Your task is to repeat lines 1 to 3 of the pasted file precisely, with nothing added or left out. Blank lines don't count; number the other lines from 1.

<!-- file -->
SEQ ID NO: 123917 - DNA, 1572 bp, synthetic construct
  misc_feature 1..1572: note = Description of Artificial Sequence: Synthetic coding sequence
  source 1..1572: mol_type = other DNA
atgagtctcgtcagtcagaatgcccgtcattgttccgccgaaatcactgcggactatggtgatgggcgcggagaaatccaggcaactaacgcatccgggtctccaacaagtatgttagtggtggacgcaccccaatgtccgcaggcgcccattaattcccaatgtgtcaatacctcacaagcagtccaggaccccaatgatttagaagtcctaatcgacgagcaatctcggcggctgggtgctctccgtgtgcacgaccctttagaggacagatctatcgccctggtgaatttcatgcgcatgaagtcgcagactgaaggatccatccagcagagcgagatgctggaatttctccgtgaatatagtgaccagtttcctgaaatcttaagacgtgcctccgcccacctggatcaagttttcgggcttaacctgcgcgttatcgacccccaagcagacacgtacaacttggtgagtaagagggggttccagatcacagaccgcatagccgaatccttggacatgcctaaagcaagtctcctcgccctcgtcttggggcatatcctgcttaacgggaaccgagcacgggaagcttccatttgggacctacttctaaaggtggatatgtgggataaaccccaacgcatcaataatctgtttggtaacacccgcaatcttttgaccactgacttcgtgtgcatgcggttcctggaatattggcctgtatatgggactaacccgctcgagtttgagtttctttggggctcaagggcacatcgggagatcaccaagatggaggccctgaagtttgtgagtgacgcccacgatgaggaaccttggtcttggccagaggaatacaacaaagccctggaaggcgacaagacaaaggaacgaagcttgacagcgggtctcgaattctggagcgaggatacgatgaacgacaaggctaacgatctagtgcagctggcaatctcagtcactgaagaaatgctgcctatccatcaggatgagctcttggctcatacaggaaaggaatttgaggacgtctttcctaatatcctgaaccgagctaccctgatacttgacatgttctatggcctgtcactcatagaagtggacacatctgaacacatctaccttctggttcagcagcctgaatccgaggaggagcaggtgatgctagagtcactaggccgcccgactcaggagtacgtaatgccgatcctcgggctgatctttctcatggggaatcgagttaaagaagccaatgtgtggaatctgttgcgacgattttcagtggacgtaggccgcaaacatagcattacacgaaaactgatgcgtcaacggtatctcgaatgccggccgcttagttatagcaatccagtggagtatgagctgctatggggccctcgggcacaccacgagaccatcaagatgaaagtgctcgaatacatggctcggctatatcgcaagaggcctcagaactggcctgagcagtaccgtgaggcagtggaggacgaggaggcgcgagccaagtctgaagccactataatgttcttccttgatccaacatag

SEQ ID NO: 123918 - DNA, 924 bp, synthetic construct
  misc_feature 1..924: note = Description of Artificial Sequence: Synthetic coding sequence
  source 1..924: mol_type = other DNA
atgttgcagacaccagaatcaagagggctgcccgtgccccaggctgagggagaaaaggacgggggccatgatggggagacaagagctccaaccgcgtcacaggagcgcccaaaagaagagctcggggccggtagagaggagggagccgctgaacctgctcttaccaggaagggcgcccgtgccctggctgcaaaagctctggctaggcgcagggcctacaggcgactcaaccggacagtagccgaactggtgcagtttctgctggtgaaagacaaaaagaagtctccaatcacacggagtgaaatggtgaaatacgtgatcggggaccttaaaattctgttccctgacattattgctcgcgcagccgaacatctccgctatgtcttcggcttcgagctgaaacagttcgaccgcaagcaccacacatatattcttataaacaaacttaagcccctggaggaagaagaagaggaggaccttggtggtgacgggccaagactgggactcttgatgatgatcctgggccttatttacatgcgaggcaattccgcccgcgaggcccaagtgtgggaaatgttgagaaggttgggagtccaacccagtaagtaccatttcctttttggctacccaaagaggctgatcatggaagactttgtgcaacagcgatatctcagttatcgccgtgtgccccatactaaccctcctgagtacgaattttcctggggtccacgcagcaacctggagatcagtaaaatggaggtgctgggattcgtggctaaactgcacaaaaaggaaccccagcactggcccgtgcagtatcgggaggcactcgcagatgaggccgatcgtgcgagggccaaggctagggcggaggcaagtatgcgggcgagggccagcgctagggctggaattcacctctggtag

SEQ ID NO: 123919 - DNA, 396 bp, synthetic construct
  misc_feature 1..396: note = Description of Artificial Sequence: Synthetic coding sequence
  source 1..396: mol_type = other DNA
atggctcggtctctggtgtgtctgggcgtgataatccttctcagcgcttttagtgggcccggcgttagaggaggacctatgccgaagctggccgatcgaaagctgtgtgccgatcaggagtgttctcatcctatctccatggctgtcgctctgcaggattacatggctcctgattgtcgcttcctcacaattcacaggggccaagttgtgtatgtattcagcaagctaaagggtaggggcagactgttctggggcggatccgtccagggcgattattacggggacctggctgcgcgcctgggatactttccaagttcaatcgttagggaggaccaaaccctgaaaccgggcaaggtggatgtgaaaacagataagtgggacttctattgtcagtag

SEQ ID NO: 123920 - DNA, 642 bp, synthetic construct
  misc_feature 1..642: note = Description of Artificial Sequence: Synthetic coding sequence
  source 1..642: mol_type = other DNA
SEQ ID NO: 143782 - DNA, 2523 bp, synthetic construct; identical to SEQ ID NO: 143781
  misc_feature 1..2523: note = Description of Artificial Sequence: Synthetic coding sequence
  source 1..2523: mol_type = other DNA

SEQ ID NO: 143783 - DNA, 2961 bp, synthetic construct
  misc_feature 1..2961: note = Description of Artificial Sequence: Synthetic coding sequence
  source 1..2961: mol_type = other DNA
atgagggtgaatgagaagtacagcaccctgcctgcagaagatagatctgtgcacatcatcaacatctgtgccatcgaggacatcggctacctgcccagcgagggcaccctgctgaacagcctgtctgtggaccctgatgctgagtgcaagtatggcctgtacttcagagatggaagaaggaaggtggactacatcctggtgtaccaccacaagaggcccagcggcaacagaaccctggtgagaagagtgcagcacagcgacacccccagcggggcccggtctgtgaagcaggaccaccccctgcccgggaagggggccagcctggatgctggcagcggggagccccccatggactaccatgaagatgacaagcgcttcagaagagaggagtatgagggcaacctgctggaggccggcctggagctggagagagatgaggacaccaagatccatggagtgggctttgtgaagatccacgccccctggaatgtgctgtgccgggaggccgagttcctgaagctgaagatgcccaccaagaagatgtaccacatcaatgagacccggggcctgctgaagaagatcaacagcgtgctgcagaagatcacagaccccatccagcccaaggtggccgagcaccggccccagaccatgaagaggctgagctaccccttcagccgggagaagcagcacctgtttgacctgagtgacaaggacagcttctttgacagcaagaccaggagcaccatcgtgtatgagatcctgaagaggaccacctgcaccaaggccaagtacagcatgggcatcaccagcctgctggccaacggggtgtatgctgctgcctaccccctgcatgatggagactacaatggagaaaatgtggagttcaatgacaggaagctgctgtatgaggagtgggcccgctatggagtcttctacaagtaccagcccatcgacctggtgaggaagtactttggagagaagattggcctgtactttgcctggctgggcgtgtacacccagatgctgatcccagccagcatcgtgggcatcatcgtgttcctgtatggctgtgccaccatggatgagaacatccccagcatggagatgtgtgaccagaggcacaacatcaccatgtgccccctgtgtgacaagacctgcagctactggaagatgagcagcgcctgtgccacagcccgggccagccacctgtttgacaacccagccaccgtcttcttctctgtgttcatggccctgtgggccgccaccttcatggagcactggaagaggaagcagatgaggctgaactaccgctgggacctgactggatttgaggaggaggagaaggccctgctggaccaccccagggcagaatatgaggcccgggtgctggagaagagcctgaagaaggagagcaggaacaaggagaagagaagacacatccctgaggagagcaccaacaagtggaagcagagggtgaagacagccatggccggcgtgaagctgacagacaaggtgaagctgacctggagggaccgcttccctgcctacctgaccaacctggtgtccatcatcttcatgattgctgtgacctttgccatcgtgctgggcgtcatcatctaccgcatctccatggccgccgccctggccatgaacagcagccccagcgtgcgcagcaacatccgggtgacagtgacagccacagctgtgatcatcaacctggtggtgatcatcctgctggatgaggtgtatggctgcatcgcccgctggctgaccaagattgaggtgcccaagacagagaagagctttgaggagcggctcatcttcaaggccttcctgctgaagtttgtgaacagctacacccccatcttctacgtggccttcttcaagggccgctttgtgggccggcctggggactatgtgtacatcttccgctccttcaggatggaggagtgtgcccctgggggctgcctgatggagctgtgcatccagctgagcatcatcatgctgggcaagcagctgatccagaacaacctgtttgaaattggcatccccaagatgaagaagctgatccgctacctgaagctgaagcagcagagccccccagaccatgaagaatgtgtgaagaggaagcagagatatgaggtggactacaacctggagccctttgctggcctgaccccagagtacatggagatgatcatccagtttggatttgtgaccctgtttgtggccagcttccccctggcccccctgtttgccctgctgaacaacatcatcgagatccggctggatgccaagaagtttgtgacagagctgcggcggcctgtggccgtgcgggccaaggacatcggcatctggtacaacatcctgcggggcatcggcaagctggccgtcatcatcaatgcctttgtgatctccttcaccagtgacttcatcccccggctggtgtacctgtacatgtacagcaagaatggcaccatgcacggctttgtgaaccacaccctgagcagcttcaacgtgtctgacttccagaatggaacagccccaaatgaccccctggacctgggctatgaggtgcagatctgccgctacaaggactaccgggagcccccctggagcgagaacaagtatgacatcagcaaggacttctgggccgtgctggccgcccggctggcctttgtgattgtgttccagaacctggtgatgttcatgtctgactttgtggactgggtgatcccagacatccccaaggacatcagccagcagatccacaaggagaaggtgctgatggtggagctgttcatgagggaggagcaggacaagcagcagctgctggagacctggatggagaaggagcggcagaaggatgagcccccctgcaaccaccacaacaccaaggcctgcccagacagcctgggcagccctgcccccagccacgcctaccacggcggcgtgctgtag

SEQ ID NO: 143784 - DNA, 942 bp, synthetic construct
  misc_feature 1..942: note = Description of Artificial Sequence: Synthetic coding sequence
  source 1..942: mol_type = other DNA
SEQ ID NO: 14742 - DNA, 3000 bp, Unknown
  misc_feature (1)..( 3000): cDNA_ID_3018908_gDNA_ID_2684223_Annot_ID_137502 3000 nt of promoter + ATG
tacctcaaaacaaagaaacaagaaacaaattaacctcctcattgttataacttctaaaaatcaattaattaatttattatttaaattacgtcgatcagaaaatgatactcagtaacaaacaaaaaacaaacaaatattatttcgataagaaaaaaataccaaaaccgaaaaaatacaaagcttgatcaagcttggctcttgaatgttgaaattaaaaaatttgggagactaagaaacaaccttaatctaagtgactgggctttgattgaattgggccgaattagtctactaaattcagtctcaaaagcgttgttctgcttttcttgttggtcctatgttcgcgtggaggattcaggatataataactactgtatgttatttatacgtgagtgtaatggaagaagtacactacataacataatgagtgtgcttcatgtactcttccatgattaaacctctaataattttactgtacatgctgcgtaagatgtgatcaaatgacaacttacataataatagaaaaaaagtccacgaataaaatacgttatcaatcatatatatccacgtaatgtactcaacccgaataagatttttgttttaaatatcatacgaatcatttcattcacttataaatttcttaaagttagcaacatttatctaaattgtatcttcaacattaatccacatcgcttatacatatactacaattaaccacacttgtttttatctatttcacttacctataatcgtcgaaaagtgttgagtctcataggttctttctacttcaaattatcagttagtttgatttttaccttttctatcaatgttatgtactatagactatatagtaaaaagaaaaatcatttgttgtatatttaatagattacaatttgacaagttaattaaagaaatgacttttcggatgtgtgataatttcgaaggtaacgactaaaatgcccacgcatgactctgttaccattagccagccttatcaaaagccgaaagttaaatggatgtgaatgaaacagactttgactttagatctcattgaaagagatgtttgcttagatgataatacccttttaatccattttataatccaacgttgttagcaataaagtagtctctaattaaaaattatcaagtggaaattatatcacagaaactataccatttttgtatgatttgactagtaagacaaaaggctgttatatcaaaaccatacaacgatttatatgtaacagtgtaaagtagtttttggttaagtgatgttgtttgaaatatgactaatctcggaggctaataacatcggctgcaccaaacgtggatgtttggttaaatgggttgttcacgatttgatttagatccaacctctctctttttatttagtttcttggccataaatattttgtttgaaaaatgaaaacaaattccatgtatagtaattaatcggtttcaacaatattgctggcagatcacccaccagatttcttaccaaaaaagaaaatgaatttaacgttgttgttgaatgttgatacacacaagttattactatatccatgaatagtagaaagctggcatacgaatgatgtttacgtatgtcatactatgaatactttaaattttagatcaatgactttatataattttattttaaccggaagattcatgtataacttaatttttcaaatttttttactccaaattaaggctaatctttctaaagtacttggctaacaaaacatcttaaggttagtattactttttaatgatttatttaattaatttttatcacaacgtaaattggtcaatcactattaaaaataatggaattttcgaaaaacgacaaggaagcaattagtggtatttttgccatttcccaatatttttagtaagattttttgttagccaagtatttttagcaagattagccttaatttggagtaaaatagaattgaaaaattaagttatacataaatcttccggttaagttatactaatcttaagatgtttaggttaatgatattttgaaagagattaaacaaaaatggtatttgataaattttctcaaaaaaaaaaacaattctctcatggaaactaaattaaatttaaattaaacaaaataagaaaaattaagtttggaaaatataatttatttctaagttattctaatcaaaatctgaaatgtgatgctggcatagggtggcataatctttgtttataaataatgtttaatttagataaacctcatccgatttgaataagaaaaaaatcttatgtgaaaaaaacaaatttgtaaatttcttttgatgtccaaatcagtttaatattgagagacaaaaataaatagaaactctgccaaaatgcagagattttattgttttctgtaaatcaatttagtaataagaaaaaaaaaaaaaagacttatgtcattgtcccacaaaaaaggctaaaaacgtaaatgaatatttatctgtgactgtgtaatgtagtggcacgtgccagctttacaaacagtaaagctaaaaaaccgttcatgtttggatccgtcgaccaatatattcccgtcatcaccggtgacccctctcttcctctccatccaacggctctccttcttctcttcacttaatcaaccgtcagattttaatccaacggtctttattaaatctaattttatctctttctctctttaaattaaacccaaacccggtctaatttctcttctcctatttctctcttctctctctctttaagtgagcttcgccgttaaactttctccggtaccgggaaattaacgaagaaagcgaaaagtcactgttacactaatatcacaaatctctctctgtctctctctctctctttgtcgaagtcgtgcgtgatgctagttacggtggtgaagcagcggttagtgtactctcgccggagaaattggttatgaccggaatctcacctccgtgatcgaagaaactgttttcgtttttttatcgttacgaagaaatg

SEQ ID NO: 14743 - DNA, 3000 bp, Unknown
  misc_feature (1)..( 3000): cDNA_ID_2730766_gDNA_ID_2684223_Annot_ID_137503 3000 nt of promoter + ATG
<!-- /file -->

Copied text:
SEQ ID NO: 123917 - DNA, 1572 bp, synthetic construct
  misc_feature 1..1572: note = Description of Artificial Sequence: Synthetic coding sequence
  source 1..1572: mol_type = other DNA